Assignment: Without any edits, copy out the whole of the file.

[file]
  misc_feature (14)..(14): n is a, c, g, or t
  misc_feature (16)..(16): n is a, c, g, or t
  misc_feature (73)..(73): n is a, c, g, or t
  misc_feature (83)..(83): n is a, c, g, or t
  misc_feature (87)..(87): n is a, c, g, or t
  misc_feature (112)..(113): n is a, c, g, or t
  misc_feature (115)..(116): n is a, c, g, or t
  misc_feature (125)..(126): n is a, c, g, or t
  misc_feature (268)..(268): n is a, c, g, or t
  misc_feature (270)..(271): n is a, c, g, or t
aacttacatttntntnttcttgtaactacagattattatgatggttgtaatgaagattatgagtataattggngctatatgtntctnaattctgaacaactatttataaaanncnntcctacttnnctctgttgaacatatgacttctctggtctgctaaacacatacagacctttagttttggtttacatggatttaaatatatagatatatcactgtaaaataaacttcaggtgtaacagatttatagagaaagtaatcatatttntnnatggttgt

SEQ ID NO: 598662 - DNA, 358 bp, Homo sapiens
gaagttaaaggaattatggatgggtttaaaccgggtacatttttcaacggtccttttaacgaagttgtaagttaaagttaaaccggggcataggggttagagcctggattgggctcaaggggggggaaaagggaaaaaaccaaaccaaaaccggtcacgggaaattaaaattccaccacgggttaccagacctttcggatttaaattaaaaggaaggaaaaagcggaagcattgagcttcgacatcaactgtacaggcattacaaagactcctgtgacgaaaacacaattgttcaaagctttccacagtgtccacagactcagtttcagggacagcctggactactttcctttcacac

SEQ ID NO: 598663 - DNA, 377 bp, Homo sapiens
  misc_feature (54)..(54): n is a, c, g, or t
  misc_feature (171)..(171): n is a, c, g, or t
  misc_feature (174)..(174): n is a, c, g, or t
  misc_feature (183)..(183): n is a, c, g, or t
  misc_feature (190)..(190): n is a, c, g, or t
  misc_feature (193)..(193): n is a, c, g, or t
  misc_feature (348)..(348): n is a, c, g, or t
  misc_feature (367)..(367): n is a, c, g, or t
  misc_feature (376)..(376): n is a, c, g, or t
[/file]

  misc_feature (14)..(14): n is a, c, g, or t
  misc_feature (16)..(16): n is a, c, g, or t
  misc_feature (73)..(73): n is a, c, g, or t
  misc_feature (83)..(83): n is a, c, g, or t
  misc_feature (87)..(87): n is a, c, g, or t
  misc_feature (112)..(113): n is a, c, g, or t
  misc_feature (115)..(116): n is a, c, g, or t
  misc_feature (125)..(126): n is a, c, g, or t
  misc_feature (268)..(268): n is a, c, g, or t
  misc_feature (270)..(271): n is a, c, g, or t
aacttacatttntntnttcttgtaactacagattattatgatggttgtaatgaagattatgagtataattggngctatatgtntctnaattctgaacaactatttataaaanncnntcctacttnnctctgttgaacatatgacttctctggtctgctaaacacatacagacctttagttttggtttacatggatttaaatatatagatatatcactgtaaaataaacttcaggtgtaacagatttatagagaaagtaatcatatttntnnatggttgt

SEQ ID NO: 598662 - DNA, 358 bp, Homo sapiens
gaagttaaaggaattatggatgggtttaaaccgggtacatttttcaacggtccttttaacgaagttgtaagttaaagttaaaccggggcataggggttagagcctggattgggctcaaggggggggaaaagggaaaaaaccaaaccaaaaccggtcacgggaaattaaaattccaccacgggttaccagacctttcggatttaaattaaaaggaaggaaaaagcggaagcattgagcttcgacatcaactgtacaggcattacaaagactcctgtgacgaaaacacaattgttcaaagctttccacagtgtccacagactcagtttcagggacagcctggactactttcctttcacac

SEQ ID NO: 598663 - DNA, 377 bp, Homo sapiens
  misc_feature (54)..(54): n is a, c, g, or t
  misc_feature (171)..(171): n is a, c, g, or t
  misc_feature (174)..(174): n is a, c, g, or t
  misc_feature (183)..(183): n is a, c, g, or t
  misc_feature (190)..(190): n is a, c, g, or t
  misc_feature (193)..(193): n is a, c, g, or t
  misc_feature (348)..(348): n is a, c, g, or t
  misc_feature (367)..(367): n is a, c, g, or t
  misc_feature (376)..(376): n is a, c, g, or t